A number of countries’ Gender Recognition Certificates (GRCs) will no longer be recognised by the UK government, it has been announced.

Kemi Badenoch, who is both the Women and Equalities minister and the Business Secretary, told MPs that countries where self-identification policies for transgender people have been adopted will be removed from its list of approved regions.

“This is long overdue,” she said on 6 December. “The list of approved overseas countries and territories was last updated in 2011.”

Badenoch continued: “We are doing this because there are some countries and territories on the list who have made changes to their systems and would not now be considered to have similarly rigorous systems as the UK.

“Inadvertently allowing self-ID for obtaining GRCs is not government policy.

“It should not be possible for a person who does not satisfy the criteria for UK legal gender recognition to use the overseas routes to do so.”

READ MORE: What are trans self-ID laws and what impact do they have?

People travelling from places on the approved list do not have to provide medical reports when applying for gender recognition in the UK.

Now, countries and territories where laws allowing people to self-identify have been introduced will be removed from it.

Scotland’s gender reform bill was blocked by the UK government

Self-identification allows trans people to determine their gender without the need of any medical certificates or a gender dysphoria diagnosis.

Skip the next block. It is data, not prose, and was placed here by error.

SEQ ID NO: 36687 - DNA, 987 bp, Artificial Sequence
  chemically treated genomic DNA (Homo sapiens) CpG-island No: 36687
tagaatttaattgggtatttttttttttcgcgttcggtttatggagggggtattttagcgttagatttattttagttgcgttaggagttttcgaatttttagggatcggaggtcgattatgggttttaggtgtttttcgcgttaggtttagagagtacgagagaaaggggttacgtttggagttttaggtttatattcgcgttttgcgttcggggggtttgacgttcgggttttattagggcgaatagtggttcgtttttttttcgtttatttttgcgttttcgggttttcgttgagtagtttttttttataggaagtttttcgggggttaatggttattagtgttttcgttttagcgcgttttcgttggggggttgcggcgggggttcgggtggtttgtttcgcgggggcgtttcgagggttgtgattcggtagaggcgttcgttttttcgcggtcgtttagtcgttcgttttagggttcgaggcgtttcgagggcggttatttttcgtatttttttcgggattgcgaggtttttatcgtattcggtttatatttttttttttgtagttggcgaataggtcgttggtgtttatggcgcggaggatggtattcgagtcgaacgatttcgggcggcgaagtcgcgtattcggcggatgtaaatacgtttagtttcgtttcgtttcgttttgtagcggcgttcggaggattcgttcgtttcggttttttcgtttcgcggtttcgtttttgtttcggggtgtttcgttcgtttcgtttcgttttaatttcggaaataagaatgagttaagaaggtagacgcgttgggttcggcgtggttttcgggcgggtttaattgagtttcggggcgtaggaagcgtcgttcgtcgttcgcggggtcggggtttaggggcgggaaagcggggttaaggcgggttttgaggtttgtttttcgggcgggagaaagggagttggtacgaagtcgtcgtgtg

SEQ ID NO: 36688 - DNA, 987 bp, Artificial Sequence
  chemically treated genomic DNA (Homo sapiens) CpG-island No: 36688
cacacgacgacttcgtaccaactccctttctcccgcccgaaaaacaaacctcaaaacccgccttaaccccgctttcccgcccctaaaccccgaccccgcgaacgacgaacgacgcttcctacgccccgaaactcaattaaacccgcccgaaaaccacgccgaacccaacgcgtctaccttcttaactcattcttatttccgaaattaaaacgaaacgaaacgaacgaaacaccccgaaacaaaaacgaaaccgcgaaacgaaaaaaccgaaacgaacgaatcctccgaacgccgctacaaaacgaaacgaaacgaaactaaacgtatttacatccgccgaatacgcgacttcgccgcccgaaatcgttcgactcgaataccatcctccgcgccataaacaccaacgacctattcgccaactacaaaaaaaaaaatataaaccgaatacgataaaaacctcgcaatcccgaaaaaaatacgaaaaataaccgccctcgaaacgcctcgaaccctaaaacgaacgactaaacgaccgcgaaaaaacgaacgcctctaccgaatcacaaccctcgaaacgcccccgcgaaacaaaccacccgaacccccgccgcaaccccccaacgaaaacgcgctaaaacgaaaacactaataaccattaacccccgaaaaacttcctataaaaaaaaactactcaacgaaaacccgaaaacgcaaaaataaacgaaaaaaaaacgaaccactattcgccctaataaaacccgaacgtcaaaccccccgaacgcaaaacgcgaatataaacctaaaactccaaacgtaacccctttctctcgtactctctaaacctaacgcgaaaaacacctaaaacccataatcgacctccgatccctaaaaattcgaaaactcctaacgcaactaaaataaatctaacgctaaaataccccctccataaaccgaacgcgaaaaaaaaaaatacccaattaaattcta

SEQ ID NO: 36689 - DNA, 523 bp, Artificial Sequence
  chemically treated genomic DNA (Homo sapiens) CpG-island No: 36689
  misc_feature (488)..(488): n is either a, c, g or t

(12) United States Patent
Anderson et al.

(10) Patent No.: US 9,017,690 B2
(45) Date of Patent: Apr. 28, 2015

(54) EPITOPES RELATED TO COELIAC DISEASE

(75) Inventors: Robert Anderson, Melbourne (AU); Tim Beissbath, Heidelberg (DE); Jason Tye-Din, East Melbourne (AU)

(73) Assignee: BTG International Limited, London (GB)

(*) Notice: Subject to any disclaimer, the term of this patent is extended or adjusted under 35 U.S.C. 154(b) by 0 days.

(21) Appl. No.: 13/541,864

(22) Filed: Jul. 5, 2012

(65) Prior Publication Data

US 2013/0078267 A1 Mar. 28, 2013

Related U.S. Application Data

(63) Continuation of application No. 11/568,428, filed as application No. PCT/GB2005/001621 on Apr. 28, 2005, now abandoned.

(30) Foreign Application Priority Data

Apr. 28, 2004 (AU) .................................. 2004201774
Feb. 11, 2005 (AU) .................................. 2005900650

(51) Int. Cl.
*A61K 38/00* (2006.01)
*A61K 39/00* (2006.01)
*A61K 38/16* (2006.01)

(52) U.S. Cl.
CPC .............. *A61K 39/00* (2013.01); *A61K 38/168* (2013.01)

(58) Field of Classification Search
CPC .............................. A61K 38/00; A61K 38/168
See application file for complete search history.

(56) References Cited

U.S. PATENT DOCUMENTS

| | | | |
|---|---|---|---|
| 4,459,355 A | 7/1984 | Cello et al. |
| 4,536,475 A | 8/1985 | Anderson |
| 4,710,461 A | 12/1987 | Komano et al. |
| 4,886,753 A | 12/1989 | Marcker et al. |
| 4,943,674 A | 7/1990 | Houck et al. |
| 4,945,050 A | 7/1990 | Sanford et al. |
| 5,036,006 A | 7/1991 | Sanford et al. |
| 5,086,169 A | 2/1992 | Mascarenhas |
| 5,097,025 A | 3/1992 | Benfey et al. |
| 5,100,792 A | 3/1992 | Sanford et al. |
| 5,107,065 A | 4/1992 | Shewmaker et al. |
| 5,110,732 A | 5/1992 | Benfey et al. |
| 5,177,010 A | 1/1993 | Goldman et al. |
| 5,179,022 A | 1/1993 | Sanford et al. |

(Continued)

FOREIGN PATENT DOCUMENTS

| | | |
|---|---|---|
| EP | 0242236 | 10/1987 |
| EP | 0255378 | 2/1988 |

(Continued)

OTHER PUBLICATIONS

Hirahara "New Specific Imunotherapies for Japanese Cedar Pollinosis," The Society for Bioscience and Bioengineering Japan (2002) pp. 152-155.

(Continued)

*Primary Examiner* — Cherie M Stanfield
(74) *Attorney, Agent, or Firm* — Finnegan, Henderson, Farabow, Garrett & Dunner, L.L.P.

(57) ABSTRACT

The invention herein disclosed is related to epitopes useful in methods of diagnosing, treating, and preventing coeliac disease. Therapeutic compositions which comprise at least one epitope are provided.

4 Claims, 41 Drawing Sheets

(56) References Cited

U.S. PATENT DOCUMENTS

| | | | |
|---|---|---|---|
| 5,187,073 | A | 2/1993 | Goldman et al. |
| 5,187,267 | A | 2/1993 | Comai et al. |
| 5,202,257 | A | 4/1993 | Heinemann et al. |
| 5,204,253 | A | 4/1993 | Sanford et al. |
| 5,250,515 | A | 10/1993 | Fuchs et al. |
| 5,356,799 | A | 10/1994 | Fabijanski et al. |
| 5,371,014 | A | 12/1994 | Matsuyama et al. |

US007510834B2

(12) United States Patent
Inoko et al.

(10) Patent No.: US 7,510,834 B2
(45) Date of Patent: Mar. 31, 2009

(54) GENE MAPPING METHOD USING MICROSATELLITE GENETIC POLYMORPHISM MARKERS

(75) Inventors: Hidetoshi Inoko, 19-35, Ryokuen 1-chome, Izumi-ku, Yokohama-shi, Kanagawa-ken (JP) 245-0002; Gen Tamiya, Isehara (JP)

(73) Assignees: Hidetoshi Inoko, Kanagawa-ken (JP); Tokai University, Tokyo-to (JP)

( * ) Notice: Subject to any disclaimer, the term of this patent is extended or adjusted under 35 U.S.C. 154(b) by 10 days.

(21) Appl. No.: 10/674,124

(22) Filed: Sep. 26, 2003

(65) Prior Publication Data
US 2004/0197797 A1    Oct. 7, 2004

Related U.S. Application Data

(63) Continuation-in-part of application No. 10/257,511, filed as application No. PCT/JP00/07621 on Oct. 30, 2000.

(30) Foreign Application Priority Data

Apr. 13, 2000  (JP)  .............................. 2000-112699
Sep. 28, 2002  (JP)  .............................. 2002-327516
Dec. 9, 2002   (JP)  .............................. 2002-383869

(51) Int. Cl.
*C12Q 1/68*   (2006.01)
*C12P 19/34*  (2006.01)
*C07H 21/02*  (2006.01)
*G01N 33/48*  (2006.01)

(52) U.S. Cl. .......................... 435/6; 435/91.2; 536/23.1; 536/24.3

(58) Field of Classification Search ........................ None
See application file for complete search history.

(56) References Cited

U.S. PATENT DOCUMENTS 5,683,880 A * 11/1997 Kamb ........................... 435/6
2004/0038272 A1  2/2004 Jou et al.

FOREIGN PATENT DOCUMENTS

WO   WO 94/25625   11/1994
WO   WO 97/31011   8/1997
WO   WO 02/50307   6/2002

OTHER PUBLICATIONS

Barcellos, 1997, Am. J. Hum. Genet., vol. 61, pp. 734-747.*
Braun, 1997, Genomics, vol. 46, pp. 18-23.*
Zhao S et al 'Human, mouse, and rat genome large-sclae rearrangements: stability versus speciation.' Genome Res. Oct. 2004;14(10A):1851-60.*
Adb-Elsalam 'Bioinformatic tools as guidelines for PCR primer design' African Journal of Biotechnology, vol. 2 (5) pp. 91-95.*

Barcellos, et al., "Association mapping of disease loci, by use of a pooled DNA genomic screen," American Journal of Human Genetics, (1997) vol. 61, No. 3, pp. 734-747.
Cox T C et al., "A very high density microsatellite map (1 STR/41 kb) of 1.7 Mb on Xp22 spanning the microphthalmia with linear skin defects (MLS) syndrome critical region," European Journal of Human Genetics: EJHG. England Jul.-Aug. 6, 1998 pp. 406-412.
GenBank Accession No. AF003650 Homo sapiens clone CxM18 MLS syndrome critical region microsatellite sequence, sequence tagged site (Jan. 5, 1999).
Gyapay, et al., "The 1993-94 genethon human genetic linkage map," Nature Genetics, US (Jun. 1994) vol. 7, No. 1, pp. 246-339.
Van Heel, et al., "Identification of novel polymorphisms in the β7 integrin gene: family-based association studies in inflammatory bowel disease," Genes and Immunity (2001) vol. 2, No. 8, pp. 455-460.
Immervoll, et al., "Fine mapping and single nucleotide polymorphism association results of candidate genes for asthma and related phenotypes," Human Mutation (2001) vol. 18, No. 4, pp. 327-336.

Scotland’s gender reforms to allow this were blocked from becoming law by the UK government at the start of this year, much to the dismay of many LGBTQIA+ rights campaigners.

Elsewhere in her address to MPs, Badenoch said that there will be a review into how the words ‘sex’ and ‘gender’ are used in law.

READ MORE: UK government: No members of the reshuffled cabinet are openly LGBTQ+

“I am exploring how we can rectify these issues across the board and provide legal certainty,” she explained.

“This will reduce the tensions that have emerged as a result of the confusion around the terms ‘sex’ and ‘gender’.”

Kirsten Oswald, the Scottish National Party’s Spokesperson for Women and Equalities in the House of Commons, asked Badenoch if an impact assessment had been conducted on how the health and well-being of those affected would be impacted.

She also stated that “nobody’s identity should be used as a political football” and questioned whether or not the government agrees that the “UK is travelling rapidly backwards” on LGBTQIA+ rights.

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“She talks about us using this issue as culture wars football, but the Labour opposition say this is the first time they’ve heard us say anything about this in the House, surely both cannot be true,” the Conservative MP responded.

“I think it is extraordinary that she is telling us that she is not compassionate. It is her Government in Scotland that was allowing rapists to be housed in women’s prisons while using self-ID as a cover, so I will not accept that.

“We are the ones who are thinking about women’s rights, we are the ones who are thinking about safeguarding, we are the ones who are thinking about vulnerability.”